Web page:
Tim Burgess Announces “Typical Music”
Following the Easter release of taster single “Here Comes The Weekend”, today Tim Burgess announces the release of new album Typical Music, out 23rd September via Bella Union and available to preorder here. To celebrate the announcement Burgess has shared a visually striking Kevin Godley-directed video for the album’s compulsive title track.
Commenting on the video Kevin Godley says: “Typical Music sounds like an out of control ‘something’ moving at improbable speed, hoping bits don’t fall off before it crashes, and that chaotic propulsion is what this film is about. We shot in a tiny room using 3 hand-held cameras, the most effective being a GoPro with a 360-degree lens that Tim filmed himself with whilst literally bouncing off the walls, his performer’s understanding of its potential giving the film exactly the kind of warp speed jeopardy I was looking for.”
Typical Music is a 22-track double album, a blockbuster set of songs that are as expansive and diverse as they are rich: “OK, we all know about double albums, right?” begins Burgess, a keen as mustard a student of pop and rock history. “Historically, they’ve been thought of as indulgent. But I came to the conclusion that what I was doing was the opposite of that. I wanted to give people everything that I’d done. And everything that I brought to the studio and worked on with the guys, I coloured them all in equally. Every idea was treated as if it was the best thing and had to be treated with extreme care. I wanted to give everything of myself. That was it.”
The studio was Rockfield, the storied farmyard recording establishment in Wales that held memories both good and bad for Burgess. Good, because The Charlatans recorded some of their greatest moments there (including 1997’s Tellin’ Stories, led by landmark single ‘One To Another’). Bad, because during the recording of that fifth album, the band’s original keyboard player Rob Collins died in a car crash at the bottom of the lane. Burgess hadn’t properly been back to Rockfield in almost 25 years, but now it was time.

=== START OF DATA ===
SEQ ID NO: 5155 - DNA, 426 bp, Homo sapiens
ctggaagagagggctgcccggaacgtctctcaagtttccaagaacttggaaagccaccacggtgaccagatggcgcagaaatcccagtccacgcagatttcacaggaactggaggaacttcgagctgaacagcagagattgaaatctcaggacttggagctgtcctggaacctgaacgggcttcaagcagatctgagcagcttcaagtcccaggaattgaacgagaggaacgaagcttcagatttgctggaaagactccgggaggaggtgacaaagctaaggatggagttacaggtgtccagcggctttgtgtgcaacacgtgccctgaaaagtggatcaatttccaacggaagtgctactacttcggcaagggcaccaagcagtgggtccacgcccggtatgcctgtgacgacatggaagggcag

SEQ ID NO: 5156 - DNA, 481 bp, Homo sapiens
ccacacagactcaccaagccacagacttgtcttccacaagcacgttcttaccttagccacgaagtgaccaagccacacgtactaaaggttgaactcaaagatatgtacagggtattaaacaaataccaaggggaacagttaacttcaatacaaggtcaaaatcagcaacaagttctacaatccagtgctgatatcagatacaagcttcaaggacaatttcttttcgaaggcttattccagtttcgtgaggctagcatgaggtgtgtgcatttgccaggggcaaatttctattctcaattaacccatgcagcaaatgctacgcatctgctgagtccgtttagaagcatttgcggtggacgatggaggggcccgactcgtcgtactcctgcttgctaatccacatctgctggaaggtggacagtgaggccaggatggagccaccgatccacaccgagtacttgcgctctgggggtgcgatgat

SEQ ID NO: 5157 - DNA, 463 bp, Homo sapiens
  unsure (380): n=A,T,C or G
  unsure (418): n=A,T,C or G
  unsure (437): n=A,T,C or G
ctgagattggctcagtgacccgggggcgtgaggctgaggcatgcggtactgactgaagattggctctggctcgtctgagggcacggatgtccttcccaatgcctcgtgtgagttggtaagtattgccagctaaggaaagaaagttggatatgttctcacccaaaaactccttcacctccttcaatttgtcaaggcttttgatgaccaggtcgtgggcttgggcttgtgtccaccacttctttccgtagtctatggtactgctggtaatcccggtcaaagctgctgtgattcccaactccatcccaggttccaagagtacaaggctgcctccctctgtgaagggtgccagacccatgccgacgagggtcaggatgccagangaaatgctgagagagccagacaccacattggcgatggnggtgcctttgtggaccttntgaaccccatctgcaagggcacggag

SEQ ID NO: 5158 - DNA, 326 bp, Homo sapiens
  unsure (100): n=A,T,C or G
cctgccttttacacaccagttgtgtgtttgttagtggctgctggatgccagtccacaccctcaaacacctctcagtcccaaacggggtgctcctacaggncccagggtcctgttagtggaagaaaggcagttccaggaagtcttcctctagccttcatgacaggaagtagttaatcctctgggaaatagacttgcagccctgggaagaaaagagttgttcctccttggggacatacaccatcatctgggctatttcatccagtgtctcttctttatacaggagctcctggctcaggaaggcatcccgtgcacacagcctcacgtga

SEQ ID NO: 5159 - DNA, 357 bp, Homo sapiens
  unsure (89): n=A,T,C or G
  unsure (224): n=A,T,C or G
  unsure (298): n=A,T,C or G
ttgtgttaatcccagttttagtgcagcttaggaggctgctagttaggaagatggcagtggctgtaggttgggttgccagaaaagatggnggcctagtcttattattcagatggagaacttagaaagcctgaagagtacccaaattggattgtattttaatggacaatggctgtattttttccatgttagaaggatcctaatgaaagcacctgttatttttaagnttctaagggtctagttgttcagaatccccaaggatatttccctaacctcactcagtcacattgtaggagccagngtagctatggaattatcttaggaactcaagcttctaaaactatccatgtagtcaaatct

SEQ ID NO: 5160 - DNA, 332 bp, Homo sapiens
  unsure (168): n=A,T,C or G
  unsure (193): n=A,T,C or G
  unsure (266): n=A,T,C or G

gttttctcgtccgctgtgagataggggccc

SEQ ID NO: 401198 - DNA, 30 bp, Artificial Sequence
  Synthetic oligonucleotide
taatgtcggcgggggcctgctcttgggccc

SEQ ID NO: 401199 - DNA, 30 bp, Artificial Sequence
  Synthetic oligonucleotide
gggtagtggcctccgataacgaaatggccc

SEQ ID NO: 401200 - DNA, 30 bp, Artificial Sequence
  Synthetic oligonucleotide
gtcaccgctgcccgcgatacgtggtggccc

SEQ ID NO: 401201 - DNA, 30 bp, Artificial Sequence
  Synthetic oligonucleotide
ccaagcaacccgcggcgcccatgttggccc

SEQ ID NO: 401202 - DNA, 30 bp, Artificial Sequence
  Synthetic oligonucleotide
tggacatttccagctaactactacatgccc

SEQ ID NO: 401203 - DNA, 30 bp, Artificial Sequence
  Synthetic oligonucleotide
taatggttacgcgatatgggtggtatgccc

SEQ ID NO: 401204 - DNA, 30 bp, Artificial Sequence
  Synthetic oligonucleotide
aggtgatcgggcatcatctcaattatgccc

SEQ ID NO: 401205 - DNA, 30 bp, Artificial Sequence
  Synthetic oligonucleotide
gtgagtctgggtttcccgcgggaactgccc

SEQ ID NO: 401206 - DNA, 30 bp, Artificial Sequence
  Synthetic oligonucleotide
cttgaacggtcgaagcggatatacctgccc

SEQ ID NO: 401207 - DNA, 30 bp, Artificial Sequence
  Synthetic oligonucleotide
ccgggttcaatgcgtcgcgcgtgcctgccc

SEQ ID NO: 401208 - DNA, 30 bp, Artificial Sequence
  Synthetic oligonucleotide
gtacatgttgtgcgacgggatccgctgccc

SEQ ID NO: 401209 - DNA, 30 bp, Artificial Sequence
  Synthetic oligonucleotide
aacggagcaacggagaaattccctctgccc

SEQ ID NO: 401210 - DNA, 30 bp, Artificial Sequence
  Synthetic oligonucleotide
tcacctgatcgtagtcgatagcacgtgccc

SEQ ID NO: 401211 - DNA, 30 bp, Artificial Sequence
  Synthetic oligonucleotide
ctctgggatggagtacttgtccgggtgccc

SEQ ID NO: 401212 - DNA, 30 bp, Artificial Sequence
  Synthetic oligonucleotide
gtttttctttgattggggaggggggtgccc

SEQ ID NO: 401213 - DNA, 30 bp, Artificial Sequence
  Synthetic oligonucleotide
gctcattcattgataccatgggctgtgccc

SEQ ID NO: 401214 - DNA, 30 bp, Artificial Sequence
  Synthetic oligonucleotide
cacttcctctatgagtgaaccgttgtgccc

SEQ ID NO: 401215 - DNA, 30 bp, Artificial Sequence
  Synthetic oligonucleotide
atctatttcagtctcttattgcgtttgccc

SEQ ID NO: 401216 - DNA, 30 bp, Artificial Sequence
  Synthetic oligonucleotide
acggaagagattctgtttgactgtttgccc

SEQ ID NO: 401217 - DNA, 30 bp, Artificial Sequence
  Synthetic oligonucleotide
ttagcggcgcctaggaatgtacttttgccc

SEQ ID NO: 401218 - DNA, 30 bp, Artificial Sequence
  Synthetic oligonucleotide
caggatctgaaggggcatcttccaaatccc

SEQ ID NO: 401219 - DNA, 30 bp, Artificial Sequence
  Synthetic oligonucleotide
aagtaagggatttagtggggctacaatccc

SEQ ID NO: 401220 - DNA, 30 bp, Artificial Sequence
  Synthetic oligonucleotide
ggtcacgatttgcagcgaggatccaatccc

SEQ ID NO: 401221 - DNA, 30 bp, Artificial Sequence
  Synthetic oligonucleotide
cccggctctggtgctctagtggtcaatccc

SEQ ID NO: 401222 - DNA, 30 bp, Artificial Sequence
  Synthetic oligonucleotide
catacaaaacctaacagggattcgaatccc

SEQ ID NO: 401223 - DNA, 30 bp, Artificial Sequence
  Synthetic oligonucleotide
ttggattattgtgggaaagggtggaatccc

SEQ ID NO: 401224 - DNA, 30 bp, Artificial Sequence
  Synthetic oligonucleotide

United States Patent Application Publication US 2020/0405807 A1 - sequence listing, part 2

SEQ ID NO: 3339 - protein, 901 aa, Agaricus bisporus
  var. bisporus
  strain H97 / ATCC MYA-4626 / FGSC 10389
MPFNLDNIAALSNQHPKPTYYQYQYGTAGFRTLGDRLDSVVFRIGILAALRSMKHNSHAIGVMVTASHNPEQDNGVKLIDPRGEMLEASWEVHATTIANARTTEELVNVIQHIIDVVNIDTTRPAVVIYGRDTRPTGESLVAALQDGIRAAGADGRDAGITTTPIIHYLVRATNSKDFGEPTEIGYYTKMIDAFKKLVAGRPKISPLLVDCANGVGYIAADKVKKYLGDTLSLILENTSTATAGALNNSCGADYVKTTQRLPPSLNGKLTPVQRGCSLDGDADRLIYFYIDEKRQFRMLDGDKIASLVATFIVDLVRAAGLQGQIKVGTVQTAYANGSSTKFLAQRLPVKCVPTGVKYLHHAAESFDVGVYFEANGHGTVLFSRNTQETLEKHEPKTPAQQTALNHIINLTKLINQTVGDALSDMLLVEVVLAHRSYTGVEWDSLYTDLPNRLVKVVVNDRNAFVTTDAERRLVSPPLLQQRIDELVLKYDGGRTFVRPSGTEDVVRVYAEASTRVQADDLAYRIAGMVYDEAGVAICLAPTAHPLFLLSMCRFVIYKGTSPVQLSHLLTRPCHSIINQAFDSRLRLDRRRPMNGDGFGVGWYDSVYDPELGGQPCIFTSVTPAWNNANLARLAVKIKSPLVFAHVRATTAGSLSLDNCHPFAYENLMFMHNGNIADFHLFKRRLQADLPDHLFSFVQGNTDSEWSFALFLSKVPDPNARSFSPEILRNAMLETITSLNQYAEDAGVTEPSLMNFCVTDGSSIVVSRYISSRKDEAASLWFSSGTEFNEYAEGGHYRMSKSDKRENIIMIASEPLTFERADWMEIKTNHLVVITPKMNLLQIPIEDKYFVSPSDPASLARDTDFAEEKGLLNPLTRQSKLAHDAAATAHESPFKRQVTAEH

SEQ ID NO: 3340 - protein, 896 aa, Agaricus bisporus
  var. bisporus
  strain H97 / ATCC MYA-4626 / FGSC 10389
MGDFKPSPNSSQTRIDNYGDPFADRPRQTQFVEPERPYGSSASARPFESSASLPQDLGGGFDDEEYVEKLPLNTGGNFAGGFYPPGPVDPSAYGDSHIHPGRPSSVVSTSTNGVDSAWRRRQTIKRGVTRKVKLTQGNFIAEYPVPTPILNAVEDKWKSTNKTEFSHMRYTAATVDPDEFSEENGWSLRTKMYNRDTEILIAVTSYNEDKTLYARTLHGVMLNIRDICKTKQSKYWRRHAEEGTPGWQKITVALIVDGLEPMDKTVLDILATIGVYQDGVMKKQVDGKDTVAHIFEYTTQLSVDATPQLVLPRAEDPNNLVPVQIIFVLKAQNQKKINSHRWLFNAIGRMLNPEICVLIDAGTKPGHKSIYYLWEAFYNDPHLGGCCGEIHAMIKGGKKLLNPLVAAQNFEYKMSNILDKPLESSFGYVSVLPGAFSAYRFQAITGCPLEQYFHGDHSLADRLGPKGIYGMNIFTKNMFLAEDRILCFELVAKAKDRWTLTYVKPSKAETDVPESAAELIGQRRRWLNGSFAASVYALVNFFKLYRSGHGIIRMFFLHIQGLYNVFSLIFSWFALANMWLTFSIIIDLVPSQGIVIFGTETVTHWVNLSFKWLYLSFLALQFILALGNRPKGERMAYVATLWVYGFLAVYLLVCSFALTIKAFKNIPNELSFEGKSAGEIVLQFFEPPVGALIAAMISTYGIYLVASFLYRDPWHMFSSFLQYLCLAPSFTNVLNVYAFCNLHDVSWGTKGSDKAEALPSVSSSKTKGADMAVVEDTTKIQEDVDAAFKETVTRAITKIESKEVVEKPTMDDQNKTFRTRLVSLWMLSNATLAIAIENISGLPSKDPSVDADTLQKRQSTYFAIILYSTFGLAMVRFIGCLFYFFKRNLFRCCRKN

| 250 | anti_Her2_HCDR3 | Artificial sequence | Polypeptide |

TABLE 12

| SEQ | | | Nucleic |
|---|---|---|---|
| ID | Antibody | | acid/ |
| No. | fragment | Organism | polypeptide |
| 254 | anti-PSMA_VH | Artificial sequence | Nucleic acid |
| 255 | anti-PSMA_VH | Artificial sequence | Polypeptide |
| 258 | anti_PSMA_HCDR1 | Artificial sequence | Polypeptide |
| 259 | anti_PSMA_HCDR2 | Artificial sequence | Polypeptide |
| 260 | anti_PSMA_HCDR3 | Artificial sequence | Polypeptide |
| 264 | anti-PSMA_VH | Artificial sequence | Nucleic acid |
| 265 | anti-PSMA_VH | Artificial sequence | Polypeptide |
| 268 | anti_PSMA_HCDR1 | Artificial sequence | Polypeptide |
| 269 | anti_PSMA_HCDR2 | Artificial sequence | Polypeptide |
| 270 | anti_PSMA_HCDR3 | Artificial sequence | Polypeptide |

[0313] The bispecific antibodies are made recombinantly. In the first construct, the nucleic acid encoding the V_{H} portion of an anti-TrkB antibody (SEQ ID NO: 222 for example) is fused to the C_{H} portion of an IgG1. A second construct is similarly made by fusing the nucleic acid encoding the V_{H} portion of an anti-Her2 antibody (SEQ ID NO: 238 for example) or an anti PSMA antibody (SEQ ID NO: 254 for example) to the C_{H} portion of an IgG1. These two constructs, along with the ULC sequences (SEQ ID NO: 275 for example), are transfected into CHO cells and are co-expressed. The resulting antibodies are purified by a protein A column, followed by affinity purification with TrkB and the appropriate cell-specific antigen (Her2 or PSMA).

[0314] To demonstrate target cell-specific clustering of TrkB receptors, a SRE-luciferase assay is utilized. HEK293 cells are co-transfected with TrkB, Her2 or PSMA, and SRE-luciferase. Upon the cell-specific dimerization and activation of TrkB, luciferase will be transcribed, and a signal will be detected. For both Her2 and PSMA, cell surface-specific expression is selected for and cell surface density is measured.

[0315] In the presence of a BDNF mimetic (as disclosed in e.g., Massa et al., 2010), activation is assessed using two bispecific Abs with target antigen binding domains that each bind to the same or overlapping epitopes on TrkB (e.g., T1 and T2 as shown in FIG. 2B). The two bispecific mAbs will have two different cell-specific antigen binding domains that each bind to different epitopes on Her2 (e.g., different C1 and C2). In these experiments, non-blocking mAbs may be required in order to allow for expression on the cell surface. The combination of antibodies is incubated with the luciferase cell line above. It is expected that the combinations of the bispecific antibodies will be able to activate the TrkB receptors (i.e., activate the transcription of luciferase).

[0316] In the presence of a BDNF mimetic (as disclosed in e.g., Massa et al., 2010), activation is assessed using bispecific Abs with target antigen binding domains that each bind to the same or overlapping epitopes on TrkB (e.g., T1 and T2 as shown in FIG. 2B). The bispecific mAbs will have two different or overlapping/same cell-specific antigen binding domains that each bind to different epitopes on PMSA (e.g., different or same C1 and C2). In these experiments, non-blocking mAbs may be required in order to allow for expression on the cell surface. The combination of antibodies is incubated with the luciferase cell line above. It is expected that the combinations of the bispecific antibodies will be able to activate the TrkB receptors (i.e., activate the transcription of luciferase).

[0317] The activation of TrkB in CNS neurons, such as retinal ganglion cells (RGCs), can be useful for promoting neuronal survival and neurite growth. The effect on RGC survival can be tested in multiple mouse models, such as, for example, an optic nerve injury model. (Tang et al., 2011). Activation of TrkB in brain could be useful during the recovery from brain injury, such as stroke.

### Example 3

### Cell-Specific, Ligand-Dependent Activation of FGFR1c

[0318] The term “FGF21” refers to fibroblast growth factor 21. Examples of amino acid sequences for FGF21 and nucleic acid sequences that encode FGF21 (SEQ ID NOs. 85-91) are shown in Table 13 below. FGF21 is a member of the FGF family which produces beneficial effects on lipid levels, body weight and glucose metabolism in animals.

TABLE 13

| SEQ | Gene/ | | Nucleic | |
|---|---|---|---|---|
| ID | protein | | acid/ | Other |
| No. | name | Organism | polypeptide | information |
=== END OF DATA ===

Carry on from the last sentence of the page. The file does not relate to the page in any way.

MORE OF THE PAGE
Burgess spent 30 days in the studio with Thighpaulsandra and Daniel O’Sullivan. The former is the authentically legendary keyboard, synthesiser and production wizard who’s played with Coil, Julian Cope and Spiritualized. The latter is the ex-Grumbling Fur multi-instrumentalist who’s released records on Burgess’s O Genesis label and is a member of his live band. Dave Fridmann then sprinkled his magic over the album, mixing all 22 tracks.
“I just wanted more,” smiles this hyperactive polymath. “I wanted to challenge us all. I wanted to do more electronic things. I wanted to expand the sound. We were limited in what we could do because of Covid, but we had orchestras in our brains. But we just did it as the three of us.”
Where did they go? Where didn’t they go? To highlight but three songs from Typical Music: ‘Revenge Through Art’ is loose-hipped, chewy funk. ‘Kinetic Connection’ offers up sparkling psyche-pop, wiggy electronics weaving in and out of rippling piano. ‘Take Me With You’ is a space-soul love song.
“I fell in love with the world again,” he explains of the latter’s lyrical origins. “During Covid, I read a pile of books, got better on guitar. I had new perspective. I wanted to learn how to be Tim Burgess who makes solo records. People have a vision of me as the singer in The Charlatans. That’s not going to change. Then there’s me as the Twitter guy. But I just fell in love with the world again and wanted the world to take me with them.”
Elsewhere there are songs for his young son, and for his dad, who passed away in April 2020. There is, too, the twangy gallop of the title track. Or, as the encyclopaedically-minded Burgess puts it, excitedly: “It’s definitely sci-fi, and primal as well. Brian Jones on teardrop guitar. Or Will Sergeant, early Bunnymen. Banshees, even. Daft Punk! And then ‘Sooner Than Yesterday’ is the same,” he adds of another moment of absolute torch’n’twang, “but in monochrome. It’s more English.”
Overall, that fed into his vision for Typical Music, to wit: “I wanted to write sci-fi punk songs, or sci-fi surf songs. I was listening to a lot of Joe Meek and Kim Fowley, and lots of the songs are two minutes long. I think the average length is just over three minutes. I like that.”
Together Burgess, “Thipes” and O’Sullivan – let’s call them The Rockfield Three – have crafted a colourful, kaleidoscopic cosmos, created when the world outside was so black and white and beaten down. “That was totally the goal,” affirms Tim Burgess. “In my most far-out thoughts, I thought of it as like we built a spaceship that was hermetically sealed, a crew of three. And we just wanted to transcend the mire.” With Typical Music, it promises to be some trip.